Email updates

Keep up to date with the latest news and content from BMC Women's Health and BioMed Central.

Open Access Research article

Disclosure experience in a convenience sample of quebec-born women living with HIV: a phenomenological study

Geneviève Rouleau14*, José Côté12 and Chantal Cara23

Author Affiliations

1 Research Chair in Innovative Nursing Practices, Research Center of the Centre hospitalier de l’Université de Montréal, Montreal, Quebec, Canada

2 Faculty of Nursing, Université de Montréal, Montreal, Quebec, Canada

3 Center for Interdisciplinary Research in Rehabilitation, Montreal, Quebec, Canada

4 CRCHUM, Hôtel-Dieu, 3840, St-Urbain Street, Pavillon Jeanne-Mance Site, 3rd floor, door 7-325, Montreal, Quebec, H2W 1T8, Canada

For all author emails, please log on.

BMC Women's Health 2012, 12:37  doi:10.1186/1472-6874-12-37

Published: 18 October 2012

Abstract

Background

In Canada, there has been a considerable increase in the number of women infected with the human immunodeficiency virus (HIV). Within a stigmatized social context, disclosure of HIV positivity is still a prevailing concern among women. Little is known about the global understanding of how French-speaking, Quebec-born women living with HIV, live their serostatus disclosure experience. The aim of this qualitative study is to describe and understand the disclosure experience of these women.

Methods

We conducted semi-structured interviews with seven women. A convenience sample of French-speaking, Quebec-born women was chosen because they all responded to the criteria of wishing to share their disclosure experience. The mean age of the participants was 46 years old (SD±12). They lived with HIV for an average of 10 years; time since diagnosis varied from 8 months to 23 years. Two out of four mothers had given birth to HIV positive children. Data analysis proposed by van Manen was performed to discover the essential themes of the experience.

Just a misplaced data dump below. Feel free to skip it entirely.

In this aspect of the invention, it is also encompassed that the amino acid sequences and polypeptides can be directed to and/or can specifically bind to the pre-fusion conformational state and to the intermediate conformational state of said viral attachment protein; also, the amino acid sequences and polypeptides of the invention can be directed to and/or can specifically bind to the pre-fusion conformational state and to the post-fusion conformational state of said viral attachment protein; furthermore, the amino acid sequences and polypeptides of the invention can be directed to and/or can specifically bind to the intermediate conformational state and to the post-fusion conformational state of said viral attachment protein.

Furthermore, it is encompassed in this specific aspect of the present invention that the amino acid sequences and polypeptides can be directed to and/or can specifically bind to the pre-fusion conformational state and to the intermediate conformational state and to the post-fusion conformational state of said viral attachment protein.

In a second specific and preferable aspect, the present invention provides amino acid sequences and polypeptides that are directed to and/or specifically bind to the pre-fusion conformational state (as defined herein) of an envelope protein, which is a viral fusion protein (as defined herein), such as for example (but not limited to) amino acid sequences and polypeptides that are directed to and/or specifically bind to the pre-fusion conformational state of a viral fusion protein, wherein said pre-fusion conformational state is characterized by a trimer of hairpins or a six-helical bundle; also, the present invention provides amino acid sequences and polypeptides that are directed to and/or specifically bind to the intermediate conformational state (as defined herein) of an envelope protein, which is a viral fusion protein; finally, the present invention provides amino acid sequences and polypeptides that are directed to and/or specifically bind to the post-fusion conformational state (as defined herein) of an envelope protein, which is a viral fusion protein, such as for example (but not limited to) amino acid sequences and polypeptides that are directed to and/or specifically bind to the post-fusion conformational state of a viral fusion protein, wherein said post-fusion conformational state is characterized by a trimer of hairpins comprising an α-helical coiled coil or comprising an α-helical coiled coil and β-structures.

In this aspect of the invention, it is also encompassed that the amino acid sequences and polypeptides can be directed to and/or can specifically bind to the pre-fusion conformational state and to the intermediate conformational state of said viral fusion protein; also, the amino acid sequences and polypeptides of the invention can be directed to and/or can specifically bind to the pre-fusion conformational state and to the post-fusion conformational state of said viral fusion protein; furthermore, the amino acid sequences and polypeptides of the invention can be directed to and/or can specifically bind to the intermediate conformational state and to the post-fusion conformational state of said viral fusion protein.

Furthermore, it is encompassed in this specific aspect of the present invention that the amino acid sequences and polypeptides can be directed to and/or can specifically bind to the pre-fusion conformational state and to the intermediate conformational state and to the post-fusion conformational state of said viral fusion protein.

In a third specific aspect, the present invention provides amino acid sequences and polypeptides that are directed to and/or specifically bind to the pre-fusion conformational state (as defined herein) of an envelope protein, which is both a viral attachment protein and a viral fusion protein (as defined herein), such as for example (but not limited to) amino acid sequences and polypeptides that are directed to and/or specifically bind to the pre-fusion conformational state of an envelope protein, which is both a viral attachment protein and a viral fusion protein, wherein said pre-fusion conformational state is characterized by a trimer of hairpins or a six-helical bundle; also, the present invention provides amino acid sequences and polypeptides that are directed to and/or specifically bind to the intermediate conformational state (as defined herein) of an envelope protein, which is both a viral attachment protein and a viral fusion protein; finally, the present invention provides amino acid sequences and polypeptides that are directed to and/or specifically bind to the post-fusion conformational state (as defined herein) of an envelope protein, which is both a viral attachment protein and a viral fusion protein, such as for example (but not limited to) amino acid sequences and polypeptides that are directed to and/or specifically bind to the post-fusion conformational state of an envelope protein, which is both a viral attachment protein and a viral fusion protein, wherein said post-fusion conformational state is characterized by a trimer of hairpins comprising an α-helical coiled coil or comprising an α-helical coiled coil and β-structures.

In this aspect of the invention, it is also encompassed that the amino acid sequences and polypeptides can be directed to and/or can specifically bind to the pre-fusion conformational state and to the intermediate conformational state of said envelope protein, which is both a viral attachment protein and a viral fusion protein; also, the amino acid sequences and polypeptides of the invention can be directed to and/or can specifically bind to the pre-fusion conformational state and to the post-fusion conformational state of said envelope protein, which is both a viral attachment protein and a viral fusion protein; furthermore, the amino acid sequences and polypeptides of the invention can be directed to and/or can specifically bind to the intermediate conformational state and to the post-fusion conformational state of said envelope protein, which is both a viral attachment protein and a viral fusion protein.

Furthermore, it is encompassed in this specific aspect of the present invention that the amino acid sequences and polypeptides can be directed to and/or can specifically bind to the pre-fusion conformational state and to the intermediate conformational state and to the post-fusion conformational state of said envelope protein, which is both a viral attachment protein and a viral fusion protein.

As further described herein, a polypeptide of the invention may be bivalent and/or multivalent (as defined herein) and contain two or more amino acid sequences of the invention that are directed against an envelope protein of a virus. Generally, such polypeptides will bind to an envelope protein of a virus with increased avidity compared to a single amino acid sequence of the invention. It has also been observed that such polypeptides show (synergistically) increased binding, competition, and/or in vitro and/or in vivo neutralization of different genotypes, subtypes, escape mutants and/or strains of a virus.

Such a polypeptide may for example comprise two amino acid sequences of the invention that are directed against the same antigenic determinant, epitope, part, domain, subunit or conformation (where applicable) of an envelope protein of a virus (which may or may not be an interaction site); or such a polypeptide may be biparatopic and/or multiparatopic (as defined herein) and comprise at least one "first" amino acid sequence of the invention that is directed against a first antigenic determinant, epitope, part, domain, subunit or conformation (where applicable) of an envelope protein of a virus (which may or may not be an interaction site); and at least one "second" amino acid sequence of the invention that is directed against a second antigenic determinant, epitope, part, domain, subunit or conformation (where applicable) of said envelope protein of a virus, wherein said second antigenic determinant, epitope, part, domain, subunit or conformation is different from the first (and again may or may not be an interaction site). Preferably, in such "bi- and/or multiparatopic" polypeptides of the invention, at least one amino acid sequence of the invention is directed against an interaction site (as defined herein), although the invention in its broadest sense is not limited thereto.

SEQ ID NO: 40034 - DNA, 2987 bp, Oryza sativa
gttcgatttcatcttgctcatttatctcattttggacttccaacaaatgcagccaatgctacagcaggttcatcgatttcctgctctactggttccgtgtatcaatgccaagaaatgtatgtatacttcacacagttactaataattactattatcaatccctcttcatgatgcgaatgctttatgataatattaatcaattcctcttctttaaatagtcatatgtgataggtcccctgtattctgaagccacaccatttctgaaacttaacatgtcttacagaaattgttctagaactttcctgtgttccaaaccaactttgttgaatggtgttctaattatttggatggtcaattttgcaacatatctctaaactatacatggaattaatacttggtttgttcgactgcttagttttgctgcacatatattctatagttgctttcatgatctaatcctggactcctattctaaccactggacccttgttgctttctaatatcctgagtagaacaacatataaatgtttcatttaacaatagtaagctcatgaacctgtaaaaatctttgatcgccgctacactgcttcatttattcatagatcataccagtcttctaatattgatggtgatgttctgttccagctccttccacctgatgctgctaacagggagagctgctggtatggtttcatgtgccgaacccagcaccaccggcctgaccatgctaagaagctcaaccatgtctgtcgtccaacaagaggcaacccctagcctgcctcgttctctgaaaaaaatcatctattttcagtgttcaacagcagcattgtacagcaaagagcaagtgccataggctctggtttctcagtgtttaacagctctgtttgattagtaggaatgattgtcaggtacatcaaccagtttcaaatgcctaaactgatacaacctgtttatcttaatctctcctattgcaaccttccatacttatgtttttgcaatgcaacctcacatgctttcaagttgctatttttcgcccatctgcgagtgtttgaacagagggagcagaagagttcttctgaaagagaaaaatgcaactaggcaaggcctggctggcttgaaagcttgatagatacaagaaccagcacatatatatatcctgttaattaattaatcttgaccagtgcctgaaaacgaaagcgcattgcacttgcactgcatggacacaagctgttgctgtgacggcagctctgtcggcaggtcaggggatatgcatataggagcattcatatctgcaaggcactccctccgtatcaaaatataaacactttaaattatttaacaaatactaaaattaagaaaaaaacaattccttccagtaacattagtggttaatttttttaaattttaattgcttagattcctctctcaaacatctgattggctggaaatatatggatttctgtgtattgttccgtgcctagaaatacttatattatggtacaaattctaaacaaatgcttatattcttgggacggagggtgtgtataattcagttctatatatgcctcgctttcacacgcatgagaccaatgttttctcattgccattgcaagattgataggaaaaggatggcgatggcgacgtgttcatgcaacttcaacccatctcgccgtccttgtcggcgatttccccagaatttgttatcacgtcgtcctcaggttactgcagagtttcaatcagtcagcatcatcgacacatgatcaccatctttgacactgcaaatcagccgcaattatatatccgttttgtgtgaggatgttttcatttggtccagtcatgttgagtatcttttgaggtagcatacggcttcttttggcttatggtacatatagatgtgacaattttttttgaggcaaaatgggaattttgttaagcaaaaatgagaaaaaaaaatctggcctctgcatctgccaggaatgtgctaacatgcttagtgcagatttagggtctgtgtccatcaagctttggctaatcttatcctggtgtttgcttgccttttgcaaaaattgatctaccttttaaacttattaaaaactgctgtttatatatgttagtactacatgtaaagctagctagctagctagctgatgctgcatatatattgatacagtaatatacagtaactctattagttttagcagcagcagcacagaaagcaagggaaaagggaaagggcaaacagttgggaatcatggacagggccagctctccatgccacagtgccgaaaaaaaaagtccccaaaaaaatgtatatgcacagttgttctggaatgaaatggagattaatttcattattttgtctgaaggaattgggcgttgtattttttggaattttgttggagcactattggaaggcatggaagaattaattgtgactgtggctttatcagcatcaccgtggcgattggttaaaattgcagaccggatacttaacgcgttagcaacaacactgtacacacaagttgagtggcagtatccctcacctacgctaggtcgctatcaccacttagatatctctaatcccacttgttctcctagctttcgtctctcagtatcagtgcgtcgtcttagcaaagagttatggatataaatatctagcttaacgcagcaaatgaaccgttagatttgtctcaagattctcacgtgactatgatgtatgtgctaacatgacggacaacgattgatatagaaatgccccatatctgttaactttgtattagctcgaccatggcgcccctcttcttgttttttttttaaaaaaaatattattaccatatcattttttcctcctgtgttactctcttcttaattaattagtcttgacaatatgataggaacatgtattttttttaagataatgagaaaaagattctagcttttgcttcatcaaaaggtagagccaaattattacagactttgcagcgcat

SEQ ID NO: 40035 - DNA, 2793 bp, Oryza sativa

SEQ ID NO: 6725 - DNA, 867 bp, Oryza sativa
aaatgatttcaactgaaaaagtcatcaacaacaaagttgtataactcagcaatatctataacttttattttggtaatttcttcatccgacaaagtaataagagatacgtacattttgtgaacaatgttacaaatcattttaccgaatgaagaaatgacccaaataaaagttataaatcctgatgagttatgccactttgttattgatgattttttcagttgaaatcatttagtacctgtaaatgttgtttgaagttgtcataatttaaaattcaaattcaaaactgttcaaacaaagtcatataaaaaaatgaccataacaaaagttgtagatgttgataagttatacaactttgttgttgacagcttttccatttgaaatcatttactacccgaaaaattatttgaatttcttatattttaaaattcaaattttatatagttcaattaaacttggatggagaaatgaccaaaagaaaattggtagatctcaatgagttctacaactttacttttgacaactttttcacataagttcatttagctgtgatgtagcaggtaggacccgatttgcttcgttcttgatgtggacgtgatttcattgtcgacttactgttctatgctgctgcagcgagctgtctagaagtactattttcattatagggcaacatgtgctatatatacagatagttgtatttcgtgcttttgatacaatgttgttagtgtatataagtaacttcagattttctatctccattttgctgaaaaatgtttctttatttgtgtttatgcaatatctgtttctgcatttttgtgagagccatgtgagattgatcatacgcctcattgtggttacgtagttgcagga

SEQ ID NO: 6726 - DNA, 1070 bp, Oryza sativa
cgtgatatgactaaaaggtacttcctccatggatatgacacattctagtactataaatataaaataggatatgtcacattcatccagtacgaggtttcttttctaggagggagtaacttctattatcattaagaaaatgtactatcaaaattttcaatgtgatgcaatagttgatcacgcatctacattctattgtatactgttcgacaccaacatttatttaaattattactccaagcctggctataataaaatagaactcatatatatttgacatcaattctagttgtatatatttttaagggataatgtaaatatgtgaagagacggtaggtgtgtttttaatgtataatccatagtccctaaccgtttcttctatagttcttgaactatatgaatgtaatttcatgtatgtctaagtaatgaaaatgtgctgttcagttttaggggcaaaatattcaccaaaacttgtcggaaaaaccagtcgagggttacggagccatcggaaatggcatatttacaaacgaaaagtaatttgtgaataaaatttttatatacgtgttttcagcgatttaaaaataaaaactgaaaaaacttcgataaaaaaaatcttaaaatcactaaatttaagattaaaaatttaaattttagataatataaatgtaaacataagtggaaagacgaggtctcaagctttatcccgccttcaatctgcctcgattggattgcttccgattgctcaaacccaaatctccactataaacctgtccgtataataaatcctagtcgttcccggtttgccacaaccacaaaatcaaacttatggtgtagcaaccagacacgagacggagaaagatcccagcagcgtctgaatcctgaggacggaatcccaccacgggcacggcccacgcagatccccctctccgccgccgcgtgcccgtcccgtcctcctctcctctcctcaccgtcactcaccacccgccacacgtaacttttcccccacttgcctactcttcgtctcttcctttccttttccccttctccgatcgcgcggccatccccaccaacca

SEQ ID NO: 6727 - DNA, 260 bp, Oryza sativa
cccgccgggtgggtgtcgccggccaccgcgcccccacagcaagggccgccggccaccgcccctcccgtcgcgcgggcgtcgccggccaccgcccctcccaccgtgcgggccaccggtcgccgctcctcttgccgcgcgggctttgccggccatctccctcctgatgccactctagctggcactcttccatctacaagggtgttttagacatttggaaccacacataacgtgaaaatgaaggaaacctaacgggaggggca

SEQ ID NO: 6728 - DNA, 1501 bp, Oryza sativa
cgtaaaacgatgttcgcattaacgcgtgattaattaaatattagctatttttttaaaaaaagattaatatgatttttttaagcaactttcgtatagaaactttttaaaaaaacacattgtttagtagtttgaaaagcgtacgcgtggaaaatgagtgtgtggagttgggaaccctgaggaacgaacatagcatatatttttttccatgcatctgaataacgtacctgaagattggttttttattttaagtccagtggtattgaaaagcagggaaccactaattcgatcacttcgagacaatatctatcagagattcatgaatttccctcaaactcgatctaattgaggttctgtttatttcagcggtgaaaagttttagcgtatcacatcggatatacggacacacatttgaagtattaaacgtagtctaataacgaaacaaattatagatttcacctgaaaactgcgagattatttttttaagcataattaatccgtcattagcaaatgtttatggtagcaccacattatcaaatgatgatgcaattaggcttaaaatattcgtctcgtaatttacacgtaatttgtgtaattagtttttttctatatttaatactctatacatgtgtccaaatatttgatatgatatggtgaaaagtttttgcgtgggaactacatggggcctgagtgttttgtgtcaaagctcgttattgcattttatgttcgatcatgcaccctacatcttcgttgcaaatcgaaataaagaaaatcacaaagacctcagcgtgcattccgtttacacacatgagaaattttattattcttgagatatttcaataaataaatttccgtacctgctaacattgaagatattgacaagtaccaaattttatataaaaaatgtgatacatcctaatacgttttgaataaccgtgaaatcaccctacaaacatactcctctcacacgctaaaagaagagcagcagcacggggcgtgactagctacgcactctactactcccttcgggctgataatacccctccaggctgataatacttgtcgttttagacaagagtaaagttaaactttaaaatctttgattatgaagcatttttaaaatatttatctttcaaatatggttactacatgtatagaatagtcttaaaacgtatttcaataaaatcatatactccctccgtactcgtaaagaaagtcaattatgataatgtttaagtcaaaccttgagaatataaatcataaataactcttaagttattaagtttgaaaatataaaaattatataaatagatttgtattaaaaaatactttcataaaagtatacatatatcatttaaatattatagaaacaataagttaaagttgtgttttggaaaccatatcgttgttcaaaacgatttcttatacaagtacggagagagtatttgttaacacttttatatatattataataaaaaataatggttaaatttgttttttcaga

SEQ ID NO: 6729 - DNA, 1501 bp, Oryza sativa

Results

Seven themes were identified to understand the experience of disclosure in women: 1) Respecting for self and confidants; 2) Feeling apprehension; 3) Exercising control to ensure protection; 4) Deliberately engaging in a process of disclosure/non-disclosure; 5) Exposing oneself to stigma and social exclusion; 6) Suffering internally; and 7) Benefitting from the positive effects of one’s decision. For these women, disclosing their HIV status meant: Living the ambivalence of a paradoxical process of revealing/concealing, in a state of profound suffering, exacerbated by stigma, while also being enriched by the benefits attained.

Conclusions

Understanding the experience of disclosure in WLHIV is important to guide actions in the practice to support and accompany these women in their unique reality. Health professionals have to broaden their role and work on individual, interpersonal, inter-organizational and intersectoral levels. Mobilization of actors from different sectors would facilitate the implementation of pertinent and opportune interventions.